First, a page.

Vascular Technology May Tie KSM to Pearl’s Murder

Qaeda Killer’s Veins Implicate Him In Journo’s Murder

Spencer Ackerman|Wired

In 2007, Khalid Sheikh Mohammed proudly confessed to a U.S. military tribunal that he "decapitated with my blessed right hand the head of the American Jew, Daniel Pearl." Later he recants the confession.

Not many people believed that Khalid Shaikh Mohammed, who confessed to masterminding 9/11, killed Wall Street Journal reporter Daniel Pearl in Pakistan in 2002. Not because KSM, as he’s known, is too delicate to commit a brutal murder — he boasted about it in U.S. custody — but because the only hard evidence of the slayer’s identity were videotaped stills of his arms. Thanks to a procedure called vascular technology, that might be enough to give KSM away.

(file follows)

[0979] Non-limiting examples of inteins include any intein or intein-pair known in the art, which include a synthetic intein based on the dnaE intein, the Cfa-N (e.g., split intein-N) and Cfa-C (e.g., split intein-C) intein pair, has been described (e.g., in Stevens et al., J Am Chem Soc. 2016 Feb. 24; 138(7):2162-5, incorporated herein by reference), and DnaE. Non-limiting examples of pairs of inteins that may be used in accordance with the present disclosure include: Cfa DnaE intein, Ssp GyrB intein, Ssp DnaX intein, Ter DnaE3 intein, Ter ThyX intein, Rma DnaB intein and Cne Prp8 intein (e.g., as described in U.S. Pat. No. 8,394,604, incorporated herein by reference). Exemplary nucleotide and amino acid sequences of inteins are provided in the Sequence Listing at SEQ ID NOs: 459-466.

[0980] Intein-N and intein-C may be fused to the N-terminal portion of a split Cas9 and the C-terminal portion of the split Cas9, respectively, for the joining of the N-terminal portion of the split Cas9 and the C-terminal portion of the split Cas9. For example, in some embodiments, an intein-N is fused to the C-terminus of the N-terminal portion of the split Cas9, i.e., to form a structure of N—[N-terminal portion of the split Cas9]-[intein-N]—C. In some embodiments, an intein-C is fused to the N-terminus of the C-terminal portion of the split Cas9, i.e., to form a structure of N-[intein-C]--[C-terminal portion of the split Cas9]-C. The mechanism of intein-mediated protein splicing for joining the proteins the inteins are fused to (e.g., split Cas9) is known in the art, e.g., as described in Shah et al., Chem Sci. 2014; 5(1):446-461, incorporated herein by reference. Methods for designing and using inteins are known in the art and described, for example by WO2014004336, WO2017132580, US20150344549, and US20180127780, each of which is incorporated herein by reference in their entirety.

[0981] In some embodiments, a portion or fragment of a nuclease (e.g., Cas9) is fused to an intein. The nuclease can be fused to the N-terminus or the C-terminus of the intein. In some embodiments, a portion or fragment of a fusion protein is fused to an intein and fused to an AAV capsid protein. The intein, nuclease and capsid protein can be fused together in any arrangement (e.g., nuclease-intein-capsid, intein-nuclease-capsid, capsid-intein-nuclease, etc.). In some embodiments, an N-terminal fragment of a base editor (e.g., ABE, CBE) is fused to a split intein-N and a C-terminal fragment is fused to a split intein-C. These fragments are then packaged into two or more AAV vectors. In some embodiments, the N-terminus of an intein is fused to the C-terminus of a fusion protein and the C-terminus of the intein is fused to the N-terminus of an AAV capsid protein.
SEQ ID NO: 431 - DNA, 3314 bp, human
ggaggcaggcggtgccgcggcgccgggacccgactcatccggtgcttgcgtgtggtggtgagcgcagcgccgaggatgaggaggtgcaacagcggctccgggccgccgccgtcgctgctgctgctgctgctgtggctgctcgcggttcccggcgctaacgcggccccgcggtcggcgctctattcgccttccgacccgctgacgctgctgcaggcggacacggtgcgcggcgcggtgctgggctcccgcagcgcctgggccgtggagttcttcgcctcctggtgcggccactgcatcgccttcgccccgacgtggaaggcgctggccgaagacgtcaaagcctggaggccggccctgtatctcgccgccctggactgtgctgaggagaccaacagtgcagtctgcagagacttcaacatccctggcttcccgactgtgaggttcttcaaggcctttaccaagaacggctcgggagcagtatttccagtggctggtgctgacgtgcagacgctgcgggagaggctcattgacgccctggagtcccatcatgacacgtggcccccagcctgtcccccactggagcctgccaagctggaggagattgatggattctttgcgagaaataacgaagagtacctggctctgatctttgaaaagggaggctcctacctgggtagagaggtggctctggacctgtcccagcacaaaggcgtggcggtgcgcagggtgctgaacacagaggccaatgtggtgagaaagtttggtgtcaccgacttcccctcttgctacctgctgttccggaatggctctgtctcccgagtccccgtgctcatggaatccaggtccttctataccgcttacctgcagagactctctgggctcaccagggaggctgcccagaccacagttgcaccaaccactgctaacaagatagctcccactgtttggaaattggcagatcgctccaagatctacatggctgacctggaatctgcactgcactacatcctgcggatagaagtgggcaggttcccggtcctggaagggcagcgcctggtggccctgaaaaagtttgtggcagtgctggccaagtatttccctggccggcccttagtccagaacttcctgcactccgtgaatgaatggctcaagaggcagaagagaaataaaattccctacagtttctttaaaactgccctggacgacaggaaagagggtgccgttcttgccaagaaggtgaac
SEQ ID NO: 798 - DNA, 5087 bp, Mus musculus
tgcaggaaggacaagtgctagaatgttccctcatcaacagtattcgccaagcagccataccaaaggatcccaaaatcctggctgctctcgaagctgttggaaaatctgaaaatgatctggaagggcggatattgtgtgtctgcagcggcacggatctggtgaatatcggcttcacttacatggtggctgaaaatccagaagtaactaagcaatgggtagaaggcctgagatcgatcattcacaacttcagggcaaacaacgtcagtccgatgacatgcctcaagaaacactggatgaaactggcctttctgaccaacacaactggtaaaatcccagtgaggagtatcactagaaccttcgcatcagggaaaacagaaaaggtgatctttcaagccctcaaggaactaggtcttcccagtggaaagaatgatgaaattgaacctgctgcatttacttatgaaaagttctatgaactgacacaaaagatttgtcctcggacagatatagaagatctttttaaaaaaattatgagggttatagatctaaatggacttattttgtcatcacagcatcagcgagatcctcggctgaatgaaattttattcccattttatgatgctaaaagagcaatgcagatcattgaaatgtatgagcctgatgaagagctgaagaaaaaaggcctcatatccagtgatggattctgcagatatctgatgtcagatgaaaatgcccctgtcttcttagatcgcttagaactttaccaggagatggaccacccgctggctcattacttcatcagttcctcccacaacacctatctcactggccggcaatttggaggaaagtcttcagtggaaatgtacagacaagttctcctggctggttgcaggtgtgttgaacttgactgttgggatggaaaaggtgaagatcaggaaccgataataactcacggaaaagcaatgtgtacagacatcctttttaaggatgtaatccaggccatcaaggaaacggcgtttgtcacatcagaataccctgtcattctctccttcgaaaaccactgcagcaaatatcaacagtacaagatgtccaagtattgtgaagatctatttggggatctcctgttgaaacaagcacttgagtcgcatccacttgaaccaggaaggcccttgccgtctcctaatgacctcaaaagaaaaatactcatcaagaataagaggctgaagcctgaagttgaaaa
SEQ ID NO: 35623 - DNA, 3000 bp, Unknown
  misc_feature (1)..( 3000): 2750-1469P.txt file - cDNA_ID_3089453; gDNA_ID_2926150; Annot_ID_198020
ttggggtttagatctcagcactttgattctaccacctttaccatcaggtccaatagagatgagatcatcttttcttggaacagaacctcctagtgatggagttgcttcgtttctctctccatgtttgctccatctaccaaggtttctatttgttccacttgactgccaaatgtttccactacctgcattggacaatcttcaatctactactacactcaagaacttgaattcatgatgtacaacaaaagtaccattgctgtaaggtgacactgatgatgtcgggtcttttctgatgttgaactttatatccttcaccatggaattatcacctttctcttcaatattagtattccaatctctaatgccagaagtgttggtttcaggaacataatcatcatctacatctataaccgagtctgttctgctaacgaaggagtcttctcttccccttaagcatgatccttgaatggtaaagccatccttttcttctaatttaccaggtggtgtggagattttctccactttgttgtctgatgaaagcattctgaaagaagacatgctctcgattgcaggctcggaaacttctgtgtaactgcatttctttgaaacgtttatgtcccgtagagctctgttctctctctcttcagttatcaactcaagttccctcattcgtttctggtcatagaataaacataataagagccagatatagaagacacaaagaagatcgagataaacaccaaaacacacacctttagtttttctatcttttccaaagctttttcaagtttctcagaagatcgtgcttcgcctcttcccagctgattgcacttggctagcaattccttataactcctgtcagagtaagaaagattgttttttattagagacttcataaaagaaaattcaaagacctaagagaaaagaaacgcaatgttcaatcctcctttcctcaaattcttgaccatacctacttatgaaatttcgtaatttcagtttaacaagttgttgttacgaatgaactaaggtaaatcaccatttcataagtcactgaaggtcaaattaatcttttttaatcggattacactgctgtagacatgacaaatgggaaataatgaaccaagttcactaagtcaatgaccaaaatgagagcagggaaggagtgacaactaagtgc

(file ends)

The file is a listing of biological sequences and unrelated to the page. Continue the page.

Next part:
The new findings are the painstaking result of a team of journalists and students at Georgetown University, known as the Pearl Project, led by Pearl’s friend and colleague Asra Q. Nomani. For three years, Nomani, who was once skeptical about KSM’s role in Pearl’s murder, reconstructed his kidnapping in Karachi and examined evidence previously unknown to the public. Among that evidence: the FBI had sufficient forensic analysis to tie KSM to the blade that ended Pearl’s life.

Pearl traveled to Pakistan in early 2002 in pursuit of a story about would-be shoe bomber Richard Reid’s ties to al-Qaeda. In Karachi, a man Pearl believed to be a source, Omar Shaikh, kidnapped him and, after learning Pearl was Jewish, transferred him to al-Qaeda operatives, who murdered him and made a snuff film out of it.

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